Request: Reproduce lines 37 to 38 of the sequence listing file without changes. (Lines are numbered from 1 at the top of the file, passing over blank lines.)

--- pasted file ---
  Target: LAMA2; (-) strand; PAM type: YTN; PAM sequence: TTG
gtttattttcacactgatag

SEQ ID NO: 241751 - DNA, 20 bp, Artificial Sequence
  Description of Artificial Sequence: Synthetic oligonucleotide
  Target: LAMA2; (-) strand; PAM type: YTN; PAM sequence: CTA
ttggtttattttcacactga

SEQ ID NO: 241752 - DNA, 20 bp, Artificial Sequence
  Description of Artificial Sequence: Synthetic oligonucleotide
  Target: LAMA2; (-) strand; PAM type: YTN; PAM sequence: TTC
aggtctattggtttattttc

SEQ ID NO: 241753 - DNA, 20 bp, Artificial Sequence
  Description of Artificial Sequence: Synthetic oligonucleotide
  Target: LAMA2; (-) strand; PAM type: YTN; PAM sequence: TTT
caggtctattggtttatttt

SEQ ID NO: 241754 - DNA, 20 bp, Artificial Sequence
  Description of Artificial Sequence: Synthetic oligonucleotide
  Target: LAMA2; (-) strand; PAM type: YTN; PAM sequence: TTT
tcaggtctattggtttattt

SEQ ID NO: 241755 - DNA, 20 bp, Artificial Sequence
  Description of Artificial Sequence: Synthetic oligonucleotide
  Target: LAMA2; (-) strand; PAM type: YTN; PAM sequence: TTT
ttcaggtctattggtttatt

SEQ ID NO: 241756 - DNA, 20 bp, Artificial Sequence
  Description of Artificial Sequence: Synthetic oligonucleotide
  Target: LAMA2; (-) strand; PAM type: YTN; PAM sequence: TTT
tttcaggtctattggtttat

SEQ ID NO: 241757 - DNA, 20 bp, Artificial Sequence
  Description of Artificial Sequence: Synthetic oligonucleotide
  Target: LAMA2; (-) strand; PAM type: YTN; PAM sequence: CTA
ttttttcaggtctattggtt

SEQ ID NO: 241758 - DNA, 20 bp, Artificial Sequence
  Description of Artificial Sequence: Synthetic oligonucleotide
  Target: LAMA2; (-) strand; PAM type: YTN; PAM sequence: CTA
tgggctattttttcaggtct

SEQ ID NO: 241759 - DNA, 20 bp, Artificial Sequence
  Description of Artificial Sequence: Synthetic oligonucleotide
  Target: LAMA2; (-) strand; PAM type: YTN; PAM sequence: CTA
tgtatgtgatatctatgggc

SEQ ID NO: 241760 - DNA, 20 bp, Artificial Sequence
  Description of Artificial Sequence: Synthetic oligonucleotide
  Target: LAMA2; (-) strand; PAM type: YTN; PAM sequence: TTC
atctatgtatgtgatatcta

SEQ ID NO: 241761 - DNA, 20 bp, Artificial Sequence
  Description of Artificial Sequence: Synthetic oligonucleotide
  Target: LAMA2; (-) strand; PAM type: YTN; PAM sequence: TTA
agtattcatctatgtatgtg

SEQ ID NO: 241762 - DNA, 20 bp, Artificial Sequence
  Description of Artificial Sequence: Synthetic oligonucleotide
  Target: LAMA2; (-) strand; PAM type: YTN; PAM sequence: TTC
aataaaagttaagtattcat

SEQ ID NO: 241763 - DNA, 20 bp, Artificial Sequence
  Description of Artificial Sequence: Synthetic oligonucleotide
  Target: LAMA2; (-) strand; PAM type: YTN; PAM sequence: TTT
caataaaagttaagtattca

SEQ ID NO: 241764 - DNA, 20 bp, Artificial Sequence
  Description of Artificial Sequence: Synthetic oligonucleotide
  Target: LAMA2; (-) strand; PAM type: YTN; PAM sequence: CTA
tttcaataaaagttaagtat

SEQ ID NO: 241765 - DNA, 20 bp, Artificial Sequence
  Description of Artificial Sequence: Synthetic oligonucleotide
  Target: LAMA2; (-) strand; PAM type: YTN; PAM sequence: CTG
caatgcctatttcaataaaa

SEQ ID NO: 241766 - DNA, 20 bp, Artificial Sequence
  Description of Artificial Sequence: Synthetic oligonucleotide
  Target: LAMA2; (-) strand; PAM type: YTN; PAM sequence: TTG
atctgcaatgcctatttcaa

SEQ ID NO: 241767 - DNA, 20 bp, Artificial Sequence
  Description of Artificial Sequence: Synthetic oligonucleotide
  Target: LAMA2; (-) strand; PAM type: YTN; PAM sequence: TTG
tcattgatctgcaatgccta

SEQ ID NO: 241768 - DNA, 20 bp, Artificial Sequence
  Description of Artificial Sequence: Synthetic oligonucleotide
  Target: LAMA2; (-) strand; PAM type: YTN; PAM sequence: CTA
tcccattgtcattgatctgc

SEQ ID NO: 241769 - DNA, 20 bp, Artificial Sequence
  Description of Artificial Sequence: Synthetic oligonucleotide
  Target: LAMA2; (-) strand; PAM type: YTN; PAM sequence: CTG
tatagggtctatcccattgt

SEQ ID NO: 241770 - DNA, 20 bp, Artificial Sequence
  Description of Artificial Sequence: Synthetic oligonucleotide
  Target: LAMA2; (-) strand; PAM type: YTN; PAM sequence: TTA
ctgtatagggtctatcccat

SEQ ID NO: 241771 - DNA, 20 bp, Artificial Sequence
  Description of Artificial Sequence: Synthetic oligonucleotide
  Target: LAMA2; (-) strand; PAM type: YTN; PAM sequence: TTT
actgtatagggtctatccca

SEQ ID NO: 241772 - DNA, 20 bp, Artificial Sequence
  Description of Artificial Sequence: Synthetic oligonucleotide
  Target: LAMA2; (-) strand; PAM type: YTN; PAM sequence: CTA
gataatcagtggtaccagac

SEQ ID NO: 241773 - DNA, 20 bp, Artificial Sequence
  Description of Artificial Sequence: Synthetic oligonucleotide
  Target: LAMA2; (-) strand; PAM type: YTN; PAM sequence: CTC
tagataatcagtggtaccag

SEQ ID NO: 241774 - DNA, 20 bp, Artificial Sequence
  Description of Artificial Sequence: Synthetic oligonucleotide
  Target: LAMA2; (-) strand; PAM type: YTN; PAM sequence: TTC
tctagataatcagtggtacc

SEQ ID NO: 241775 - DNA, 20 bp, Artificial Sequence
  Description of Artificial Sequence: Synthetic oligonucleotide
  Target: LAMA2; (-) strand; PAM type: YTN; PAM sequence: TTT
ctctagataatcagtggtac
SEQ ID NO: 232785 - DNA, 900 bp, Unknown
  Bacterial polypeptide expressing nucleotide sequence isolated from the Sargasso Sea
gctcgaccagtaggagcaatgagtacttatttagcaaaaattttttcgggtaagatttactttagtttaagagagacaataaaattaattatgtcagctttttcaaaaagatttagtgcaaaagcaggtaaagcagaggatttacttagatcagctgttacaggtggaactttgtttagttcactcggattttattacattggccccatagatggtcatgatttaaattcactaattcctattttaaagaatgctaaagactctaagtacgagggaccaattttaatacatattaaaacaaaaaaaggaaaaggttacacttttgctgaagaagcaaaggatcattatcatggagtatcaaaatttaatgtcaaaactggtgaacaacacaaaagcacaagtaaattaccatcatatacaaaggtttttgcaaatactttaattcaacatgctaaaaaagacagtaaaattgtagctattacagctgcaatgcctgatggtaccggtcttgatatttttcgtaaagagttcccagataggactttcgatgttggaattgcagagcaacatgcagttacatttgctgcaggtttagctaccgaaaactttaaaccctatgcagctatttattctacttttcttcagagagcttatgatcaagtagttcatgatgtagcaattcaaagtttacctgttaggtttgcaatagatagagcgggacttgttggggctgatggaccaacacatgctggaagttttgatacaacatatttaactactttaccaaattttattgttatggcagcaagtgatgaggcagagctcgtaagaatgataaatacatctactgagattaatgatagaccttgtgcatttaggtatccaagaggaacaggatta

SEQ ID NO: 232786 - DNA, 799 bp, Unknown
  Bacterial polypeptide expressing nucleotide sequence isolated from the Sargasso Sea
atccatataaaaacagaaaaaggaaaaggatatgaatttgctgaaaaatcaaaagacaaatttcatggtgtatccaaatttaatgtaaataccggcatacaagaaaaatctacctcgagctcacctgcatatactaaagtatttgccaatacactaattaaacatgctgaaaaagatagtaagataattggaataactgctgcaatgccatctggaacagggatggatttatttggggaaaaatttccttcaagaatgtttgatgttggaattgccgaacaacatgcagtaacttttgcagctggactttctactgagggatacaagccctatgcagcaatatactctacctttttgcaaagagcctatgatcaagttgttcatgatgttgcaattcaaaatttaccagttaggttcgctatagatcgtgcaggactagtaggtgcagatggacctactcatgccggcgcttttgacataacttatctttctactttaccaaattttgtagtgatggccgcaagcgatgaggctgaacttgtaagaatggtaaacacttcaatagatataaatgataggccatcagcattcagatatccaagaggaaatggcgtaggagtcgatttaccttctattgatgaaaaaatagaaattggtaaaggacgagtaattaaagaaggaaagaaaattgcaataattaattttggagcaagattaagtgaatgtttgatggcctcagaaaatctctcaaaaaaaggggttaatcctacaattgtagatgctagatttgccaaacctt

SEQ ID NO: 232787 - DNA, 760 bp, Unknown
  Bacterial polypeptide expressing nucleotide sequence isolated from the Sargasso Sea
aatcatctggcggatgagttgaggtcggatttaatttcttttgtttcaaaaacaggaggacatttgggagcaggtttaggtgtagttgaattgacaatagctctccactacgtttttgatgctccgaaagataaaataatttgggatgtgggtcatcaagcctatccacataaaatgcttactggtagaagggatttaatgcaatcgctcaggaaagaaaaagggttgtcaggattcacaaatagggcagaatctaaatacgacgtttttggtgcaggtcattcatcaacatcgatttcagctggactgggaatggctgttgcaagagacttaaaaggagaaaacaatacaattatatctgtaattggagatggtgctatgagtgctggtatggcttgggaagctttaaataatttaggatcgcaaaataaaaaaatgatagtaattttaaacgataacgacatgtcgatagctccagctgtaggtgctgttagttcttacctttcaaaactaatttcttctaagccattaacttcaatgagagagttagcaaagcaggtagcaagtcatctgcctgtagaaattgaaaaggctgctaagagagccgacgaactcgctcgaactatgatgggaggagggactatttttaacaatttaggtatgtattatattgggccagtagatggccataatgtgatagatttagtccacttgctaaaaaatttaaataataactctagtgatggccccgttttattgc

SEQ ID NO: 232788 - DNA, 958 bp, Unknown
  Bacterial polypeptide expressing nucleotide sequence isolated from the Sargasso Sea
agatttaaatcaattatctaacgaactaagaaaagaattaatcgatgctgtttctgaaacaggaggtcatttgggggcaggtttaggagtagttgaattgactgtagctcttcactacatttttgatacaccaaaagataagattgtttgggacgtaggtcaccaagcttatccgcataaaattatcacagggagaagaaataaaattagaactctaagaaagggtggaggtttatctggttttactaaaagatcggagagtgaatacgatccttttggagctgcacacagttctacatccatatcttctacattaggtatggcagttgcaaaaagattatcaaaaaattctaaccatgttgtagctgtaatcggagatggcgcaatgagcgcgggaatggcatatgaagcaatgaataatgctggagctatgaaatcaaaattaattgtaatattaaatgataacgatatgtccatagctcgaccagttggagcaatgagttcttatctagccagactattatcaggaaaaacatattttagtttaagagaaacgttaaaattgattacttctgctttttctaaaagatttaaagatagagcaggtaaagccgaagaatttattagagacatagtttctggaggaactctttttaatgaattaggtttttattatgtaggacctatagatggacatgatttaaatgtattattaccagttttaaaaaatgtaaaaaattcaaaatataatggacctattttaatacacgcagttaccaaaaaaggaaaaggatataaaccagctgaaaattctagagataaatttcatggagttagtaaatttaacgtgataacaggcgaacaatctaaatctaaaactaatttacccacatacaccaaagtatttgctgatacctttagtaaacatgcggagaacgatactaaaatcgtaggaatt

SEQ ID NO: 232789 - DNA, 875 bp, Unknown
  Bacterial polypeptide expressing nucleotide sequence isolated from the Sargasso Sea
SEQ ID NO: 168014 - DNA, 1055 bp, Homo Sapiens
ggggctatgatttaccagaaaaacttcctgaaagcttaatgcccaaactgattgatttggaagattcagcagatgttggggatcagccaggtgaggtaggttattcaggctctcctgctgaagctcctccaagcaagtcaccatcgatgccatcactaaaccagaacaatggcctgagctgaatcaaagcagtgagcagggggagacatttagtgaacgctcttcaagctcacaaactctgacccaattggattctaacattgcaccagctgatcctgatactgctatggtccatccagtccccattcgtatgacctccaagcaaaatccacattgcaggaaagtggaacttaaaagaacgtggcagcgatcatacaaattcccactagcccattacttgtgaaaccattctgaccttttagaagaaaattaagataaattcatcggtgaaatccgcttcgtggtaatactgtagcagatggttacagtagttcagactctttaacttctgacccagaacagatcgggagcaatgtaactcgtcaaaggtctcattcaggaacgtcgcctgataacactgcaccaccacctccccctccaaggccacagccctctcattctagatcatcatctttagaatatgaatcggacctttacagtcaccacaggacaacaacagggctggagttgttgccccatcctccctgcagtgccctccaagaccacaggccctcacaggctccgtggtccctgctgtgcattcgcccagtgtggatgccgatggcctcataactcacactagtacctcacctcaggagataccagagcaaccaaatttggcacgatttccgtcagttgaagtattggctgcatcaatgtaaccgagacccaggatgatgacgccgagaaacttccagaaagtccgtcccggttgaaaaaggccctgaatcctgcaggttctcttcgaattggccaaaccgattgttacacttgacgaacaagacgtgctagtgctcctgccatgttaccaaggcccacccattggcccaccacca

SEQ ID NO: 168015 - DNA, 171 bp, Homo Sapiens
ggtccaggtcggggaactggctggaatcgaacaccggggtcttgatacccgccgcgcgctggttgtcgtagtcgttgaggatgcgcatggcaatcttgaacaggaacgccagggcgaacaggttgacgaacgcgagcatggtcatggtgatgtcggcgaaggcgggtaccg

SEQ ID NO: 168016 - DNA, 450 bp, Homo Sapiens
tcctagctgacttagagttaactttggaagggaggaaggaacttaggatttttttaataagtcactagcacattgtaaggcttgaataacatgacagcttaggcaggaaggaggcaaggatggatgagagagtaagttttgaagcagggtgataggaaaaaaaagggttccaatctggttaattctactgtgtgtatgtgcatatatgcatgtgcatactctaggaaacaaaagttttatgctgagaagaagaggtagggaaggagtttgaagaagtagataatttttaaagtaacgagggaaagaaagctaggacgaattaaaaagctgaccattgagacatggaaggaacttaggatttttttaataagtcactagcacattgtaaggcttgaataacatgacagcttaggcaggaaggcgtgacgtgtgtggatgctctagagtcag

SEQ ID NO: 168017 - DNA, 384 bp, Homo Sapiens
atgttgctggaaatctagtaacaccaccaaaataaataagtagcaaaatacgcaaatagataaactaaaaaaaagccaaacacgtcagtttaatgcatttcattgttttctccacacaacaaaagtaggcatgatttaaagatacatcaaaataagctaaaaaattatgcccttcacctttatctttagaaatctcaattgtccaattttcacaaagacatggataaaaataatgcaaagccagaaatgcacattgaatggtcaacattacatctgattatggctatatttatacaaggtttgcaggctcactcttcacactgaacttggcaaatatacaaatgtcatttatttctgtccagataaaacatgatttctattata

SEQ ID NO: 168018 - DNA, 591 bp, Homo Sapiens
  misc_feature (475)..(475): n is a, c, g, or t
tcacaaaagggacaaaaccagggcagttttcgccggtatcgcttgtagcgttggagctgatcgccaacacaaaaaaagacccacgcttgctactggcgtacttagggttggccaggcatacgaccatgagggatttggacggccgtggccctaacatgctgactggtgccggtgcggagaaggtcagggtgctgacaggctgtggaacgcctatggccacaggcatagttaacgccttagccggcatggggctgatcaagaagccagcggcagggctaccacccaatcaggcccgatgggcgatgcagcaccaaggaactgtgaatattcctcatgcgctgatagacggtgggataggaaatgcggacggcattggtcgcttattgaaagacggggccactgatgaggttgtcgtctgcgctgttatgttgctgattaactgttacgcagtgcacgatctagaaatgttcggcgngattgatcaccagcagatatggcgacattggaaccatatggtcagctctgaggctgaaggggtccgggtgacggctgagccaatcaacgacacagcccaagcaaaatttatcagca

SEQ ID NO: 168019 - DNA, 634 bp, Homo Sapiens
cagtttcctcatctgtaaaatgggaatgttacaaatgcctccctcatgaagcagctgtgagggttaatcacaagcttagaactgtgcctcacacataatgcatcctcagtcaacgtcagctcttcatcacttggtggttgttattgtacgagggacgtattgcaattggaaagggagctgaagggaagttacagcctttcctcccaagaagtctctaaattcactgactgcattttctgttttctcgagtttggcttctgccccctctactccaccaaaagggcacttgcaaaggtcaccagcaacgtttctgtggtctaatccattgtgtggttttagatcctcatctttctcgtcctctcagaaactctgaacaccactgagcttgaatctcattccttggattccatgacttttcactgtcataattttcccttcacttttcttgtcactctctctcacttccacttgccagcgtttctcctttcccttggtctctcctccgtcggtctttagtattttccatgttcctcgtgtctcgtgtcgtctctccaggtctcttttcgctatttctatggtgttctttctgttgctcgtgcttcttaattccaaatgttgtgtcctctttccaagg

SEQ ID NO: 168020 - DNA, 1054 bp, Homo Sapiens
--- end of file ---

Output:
  Target: LAMA2; (-) strand; PAM type: YTN; PAM sequence: CTA
tgtatgtgatatctatgggc